Gloverall Factory Visit

Despite these cynical times where the ‘factory visit’ may be regarded as  something of a blogospheric cliché by certain elitist, fashion berks. Getting an invite down to visit Gloverall (in Wellingborough) had me from excitedly chanting ‘Gloverall factory visit’ to the tune of Ike and Tina’s Nutbush City Limits over and over again for a good two or three days before actually going there. Living in the North West, I’ve seen my fair share of Victorian mills with their iconic steps worn away by several generations of child labour with matching authentic machinery that’s removed more young limbs than a Parisian Frog-monger. So I was both pleasantly surprised and possibly relieved when I arrived at Gloverall’s HQ, to find a more modern looking twentieth century style brutalist factory whose charm lay more in the history of its knowledgeable staff and practical product than it’s hanger-like surroundings.

I was initially given a tour of the Factory by marketing manager Mark, a bloke who was as passionate and informative about the brand as he was about the bag of Chorley cakes that I’d brought down as a humble token of Northern friendliness. Whilst Mark made me a brew (and dealt with various calls from around the world) I was left to wander around this wooden-toggled wonderland. Like the proverbial porker in the poo, I was in my element delving into the array of past stock, experimental one offs, collabs and of course box upon box of shiny big buttons and tactile toggles. After discovering there was no way I’d could fit even the shortest of college duffle coats up my jumper I was ushered into a modest sized yet very special place. As I stood there in Gloverall’s archive room I was greeted by the sight of a chronological display of stunning coats. The illustrious line-up started with the very first military issue number that Harry & Frieda Morris started the company off with right up to today’s modern version that you’re more likely to see in the Deck Out on Oi Polloi than the deck of the Ark Royal.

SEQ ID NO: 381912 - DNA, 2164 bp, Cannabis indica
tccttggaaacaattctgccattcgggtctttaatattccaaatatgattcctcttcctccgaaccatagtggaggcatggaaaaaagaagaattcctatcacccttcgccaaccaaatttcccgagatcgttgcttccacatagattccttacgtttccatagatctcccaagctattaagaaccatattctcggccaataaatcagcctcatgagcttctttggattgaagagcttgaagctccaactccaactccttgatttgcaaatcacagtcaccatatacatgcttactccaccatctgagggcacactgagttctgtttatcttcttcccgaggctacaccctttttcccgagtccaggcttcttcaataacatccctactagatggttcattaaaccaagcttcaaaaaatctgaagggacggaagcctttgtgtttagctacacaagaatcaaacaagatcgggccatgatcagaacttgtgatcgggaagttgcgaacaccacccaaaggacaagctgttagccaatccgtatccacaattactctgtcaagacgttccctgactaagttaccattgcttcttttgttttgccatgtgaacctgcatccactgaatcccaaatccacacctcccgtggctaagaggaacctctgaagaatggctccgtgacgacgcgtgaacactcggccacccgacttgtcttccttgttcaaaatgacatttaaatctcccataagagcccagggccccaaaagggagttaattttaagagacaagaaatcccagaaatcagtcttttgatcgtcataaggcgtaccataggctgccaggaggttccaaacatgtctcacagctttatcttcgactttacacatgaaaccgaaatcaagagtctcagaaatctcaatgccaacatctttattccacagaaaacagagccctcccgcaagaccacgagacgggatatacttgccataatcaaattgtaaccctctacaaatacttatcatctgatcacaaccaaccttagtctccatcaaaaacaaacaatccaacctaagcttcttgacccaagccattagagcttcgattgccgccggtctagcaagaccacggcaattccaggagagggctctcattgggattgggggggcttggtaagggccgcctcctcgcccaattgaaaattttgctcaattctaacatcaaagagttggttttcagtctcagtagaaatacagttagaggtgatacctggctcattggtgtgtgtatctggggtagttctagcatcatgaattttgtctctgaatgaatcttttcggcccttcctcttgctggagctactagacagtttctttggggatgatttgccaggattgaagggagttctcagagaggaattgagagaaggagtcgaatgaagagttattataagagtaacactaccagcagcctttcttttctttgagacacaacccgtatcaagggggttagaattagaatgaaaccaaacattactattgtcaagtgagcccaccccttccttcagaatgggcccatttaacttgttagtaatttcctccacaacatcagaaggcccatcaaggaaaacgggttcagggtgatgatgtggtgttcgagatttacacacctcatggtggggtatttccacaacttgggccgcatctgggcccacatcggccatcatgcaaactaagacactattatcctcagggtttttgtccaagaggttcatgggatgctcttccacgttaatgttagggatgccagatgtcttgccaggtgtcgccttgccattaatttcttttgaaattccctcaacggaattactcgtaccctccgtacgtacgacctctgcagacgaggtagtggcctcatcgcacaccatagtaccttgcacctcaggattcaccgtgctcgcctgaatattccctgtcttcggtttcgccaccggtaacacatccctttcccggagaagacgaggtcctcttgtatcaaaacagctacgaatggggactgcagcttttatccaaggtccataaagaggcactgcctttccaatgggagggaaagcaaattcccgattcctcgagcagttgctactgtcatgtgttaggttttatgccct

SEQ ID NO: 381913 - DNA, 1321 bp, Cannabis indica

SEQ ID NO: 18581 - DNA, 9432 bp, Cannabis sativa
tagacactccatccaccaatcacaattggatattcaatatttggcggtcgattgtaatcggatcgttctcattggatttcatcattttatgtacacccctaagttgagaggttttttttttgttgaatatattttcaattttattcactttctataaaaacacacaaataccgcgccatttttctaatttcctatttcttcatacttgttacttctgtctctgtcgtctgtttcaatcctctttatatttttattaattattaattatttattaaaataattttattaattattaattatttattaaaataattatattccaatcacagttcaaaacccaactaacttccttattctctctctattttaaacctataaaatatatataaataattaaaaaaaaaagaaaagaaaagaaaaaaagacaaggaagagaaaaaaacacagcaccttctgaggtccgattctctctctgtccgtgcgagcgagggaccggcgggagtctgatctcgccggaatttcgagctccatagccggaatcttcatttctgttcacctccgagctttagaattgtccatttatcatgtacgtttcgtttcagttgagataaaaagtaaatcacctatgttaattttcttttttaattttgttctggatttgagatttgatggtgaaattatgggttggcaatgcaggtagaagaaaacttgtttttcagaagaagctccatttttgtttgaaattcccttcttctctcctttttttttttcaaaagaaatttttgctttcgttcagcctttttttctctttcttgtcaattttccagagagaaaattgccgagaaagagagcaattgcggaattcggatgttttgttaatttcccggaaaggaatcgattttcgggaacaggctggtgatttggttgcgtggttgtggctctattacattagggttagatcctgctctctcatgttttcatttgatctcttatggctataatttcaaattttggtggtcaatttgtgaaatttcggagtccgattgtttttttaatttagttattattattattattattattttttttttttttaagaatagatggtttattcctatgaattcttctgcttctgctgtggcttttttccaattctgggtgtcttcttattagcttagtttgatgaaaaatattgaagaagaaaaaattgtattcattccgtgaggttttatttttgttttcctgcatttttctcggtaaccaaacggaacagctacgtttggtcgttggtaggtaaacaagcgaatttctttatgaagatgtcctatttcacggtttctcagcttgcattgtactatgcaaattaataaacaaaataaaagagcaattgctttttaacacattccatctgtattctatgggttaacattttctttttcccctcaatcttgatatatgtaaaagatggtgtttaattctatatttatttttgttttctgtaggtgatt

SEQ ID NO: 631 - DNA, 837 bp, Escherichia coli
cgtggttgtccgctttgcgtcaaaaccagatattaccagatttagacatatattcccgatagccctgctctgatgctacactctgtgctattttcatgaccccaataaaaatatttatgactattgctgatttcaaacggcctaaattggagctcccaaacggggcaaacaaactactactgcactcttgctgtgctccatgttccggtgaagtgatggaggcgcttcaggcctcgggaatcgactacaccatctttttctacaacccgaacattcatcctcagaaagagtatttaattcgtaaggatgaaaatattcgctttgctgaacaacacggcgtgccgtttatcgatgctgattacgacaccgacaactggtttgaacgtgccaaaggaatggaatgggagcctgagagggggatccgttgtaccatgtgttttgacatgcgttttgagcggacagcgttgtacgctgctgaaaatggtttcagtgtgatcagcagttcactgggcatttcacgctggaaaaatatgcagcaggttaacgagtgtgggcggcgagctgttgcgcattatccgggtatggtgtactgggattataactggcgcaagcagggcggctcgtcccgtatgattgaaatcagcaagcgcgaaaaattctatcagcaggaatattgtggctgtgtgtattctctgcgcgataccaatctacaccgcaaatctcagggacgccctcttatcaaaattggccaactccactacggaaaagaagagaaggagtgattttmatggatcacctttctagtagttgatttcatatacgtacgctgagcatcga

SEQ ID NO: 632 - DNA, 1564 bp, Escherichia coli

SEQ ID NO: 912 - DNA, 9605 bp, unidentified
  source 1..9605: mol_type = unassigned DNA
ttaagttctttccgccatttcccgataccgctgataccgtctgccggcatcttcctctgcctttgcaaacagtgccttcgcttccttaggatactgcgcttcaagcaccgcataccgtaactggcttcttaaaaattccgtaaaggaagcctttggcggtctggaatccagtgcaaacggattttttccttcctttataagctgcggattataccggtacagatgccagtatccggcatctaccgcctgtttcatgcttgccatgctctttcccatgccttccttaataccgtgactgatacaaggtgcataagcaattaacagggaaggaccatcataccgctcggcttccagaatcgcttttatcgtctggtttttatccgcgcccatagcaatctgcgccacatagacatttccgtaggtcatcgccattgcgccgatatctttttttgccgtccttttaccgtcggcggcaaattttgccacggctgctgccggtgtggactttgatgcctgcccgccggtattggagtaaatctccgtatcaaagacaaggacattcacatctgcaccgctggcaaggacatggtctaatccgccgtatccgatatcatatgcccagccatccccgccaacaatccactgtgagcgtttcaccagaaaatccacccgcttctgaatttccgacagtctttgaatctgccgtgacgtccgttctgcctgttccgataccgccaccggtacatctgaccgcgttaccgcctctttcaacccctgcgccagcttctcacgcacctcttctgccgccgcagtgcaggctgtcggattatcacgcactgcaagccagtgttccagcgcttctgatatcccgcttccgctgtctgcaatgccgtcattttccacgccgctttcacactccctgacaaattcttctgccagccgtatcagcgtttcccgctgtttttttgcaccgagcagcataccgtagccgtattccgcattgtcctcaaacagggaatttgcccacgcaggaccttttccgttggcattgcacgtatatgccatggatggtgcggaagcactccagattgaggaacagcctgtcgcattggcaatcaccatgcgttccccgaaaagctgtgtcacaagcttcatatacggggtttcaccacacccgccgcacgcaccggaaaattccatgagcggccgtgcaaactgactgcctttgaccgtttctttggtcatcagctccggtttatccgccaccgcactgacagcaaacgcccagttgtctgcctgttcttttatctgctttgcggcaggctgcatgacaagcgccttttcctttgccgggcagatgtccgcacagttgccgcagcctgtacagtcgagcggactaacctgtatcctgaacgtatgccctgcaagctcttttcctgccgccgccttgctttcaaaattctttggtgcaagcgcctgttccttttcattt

When viewed in this way I not only realised just how much of a genuine British style institution Gloverall actually is but also how little the duffle jacket has changed over the past 60 years years, well at least to my untrained eyes. That’s where Len came in, Len has been with the company over forty years, cutting all the patterns by hand and knowing everything you could ever possibly hope to know about Gloverall. He showed me how each model has gradually evolved, from the crude rope initially used to keep the toggles on, to the introduction of linings, pocket flaps, adjustable hood buttons, shoulders shapes, nylon seams and leather patches as well as informing me that the horn toggles are made from the tips of Indian water buffalo. We then went through some fantastic archive catalogues as well as the other really nice pieces in the collection which included capes, car coats and even the 1980 British Olympic team’s white duffle coat, as worn by Torvill & Dean. I was in my element and could have hung out with Len all day discussing Gloverall’s heyday when 3,500 coats would leave the factory each week and how they used to make all the duffles for Burberry & Aquascutum before realising that they were doing themselves out of a job. He also mentioned how Paul Smith, Margaret Howell and Agnes B have all been known to pop in for a brew and to pick his brains.

Sadly the hours flew by all too quickly and it was soon time to head back up North. I left the friendly atmosphere of the factory a better man with a genuine glow of British pride and safe in the knowledge that one of our country’s finest clothing brands couldn’t be in better hands than Len and the gang. Oh and if you’re reading this, I want a signed copy of the book when it comes out please Len.

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